- The Washington Times - Monday, November 30, 2020

D.C. Mayor Muriel Bowser said Monday that she believes outgoing Metropolitan Police Chief Peter Newsham “did his job” to fight racism.

The mayor’s comment came in response to a question about statements made last week by D.C. Council members regarding the qualities they want in the next police leader.

Council member Charles Allen, Ward 6 Democrat and chairman of the Judiciary and Public Safety Committee, said Chief Newsham’s departure “is an opportunity to instill in leadership the qualities and priorities this moment demands: tackling the systemic racism that exists in our city and within policing culture.” The sentiment was echoed by at least three other lawmakers.

Asked if she agrees with the statement and whether Chief Newsham did his job to address system racism during his tenure, Miss Bowser said, “I do think he did his job.” She declined to discuss the statements made by city officials and also dodged several other questions about a replacement.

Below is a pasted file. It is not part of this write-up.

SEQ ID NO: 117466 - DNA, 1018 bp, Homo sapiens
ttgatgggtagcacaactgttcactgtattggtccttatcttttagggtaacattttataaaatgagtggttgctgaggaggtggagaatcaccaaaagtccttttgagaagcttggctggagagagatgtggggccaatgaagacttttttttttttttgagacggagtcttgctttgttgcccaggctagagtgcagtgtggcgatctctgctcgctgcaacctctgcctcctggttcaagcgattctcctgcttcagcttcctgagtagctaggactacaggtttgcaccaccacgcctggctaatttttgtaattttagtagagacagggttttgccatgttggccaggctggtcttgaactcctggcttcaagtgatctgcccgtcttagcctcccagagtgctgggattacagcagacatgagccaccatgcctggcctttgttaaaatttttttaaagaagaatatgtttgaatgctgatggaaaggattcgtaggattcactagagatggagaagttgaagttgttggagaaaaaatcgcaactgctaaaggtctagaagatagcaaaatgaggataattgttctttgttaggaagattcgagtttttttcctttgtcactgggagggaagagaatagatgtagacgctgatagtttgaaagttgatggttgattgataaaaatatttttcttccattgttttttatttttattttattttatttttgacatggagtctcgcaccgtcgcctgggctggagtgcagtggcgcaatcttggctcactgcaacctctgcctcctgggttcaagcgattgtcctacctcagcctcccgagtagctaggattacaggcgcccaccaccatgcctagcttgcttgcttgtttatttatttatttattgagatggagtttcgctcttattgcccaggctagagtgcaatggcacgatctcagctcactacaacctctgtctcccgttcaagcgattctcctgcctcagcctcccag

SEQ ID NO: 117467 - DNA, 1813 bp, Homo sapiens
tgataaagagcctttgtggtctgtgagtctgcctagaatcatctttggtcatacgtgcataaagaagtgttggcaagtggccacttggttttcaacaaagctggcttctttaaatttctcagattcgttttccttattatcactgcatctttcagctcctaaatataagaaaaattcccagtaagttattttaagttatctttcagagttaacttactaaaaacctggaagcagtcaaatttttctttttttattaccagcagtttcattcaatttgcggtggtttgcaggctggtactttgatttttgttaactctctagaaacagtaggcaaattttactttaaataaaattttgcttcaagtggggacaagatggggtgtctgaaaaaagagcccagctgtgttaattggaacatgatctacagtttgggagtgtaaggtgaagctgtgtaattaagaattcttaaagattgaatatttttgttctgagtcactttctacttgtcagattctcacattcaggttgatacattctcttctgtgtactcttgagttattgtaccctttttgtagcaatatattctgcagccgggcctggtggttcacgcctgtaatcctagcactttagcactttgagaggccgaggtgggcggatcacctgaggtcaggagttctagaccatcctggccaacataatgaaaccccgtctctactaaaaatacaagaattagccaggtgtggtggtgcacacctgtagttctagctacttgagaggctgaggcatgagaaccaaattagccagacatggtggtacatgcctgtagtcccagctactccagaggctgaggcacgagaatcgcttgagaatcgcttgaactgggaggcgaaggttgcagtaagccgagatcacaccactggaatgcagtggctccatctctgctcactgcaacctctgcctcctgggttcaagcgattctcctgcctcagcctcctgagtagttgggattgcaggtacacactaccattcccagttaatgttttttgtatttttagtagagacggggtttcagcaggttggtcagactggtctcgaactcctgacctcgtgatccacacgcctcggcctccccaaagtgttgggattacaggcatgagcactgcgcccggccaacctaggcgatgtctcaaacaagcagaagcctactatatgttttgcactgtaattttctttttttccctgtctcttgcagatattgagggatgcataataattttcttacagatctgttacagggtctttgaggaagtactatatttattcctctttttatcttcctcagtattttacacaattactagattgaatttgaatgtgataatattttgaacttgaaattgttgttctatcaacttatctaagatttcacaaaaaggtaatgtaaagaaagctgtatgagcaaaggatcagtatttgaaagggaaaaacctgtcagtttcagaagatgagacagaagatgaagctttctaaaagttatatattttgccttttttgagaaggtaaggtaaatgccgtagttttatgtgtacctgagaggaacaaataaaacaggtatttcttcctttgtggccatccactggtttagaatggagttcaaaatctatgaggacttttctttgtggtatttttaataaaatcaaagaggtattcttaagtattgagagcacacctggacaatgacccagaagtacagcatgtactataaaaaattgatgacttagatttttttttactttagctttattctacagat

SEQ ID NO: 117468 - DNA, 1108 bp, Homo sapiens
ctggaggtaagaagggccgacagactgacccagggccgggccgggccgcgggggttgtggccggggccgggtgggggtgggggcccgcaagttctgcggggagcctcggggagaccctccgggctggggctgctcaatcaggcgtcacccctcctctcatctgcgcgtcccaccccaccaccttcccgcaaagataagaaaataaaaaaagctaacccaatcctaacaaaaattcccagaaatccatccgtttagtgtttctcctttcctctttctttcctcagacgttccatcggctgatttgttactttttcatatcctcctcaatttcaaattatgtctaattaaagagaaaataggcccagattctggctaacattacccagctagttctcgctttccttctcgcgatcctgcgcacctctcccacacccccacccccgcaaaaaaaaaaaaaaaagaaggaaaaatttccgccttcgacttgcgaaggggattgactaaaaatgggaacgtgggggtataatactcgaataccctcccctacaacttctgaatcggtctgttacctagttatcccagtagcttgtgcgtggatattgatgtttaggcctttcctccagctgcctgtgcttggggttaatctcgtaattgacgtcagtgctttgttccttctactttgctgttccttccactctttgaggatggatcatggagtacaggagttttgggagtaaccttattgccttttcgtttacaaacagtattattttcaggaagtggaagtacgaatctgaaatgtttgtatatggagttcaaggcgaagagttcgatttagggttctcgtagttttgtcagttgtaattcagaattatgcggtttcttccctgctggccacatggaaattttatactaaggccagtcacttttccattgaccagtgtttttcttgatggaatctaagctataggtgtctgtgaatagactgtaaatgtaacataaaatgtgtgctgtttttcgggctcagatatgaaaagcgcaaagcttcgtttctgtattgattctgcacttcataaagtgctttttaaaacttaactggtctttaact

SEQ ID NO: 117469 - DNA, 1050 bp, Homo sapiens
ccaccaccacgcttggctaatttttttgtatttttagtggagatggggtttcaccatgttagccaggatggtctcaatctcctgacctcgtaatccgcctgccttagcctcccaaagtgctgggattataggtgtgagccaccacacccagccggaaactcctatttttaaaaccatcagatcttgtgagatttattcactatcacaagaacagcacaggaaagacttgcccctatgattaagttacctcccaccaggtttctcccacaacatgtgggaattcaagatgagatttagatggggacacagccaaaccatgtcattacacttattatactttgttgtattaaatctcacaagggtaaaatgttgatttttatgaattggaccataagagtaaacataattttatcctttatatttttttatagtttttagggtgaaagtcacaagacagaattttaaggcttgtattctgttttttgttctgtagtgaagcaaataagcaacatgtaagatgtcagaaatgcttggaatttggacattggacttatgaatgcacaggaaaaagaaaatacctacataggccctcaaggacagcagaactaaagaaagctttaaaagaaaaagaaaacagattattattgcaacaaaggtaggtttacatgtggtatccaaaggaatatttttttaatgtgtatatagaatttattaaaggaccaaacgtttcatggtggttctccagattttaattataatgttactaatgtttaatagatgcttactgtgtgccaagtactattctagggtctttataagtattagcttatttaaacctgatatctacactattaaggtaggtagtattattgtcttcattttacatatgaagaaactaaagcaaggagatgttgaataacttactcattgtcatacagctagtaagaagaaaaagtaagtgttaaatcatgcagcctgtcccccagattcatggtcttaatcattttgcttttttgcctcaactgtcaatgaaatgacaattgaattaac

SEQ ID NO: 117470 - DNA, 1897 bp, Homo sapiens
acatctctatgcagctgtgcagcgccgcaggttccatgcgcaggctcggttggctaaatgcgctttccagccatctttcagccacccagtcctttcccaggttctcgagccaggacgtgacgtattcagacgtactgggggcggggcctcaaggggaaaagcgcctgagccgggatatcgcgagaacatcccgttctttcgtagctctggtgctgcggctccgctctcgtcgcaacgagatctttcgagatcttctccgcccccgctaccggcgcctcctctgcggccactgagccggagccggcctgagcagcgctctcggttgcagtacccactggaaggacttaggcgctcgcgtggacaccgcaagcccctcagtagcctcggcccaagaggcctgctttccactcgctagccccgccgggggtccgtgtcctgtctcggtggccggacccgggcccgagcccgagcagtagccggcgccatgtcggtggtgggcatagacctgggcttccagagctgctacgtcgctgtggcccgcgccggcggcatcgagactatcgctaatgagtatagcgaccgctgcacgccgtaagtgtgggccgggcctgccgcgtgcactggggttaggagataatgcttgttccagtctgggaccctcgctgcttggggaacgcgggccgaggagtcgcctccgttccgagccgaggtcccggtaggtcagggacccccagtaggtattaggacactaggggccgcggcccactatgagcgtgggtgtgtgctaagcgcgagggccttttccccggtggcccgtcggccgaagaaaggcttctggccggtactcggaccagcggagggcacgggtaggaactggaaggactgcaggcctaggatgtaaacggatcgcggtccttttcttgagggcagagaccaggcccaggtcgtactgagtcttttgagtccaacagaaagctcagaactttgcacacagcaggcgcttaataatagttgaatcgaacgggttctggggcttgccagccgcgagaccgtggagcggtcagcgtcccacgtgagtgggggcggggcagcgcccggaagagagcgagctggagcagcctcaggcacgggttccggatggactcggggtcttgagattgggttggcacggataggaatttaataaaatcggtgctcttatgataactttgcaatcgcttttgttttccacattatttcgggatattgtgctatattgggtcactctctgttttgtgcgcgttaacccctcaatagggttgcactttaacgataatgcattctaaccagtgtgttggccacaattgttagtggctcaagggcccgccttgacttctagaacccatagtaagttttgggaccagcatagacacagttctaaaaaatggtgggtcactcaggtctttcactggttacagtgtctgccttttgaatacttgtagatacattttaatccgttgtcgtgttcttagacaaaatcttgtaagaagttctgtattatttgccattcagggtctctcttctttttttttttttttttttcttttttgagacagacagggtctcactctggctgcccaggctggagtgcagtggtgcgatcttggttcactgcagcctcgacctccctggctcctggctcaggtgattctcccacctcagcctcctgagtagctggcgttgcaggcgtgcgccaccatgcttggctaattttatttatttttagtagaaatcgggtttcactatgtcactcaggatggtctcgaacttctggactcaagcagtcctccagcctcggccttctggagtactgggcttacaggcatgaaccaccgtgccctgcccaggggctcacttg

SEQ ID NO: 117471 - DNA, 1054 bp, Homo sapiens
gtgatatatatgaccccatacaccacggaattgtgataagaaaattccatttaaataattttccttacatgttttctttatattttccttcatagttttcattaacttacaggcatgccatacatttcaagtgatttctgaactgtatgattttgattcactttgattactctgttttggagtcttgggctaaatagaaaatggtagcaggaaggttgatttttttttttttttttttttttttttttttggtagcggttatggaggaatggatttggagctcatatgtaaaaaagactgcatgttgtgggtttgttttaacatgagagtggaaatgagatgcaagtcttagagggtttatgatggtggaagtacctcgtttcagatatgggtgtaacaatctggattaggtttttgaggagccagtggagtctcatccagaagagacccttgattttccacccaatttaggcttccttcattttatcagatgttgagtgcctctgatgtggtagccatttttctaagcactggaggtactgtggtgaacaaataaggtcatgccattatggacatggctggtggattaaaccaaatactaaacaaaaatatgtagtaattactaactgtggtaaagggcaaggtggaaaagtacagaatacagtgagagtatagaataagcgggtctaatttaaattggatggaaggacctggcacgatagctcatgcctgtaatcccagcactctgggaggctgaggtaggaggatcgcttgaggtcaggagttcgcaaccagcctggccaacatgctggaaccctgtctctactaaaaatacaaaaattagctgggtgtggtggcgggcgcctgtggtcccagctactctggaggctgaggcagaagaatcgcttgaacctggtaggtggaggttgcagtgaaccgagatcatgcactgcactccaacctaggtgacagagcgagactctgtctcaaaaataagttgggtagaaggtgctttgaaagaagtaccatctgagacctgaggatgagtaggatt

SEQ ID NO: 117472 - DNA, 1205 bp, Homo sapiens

Chief Newsham’s departure came as a surprise to many when it was announced last week by the Prince William County Police Department, where he is set to take over in February. The 31-year veteran of the Metropolitan Police Department was appointed by Miss Bowser in 2017 to replace former Chief Cathy Lanier.

“Our conversations about the qualities for all of our departments are robust,” Miss Bowser said Monday. “The police department is special in some ways in that the members of the police department carry a badge and a gun and they have a responsibility to make sure our communities are safe and everybody’s rights are protected, and so that’s the mindset I went in for our last search and that’s what I will do moving forward.”

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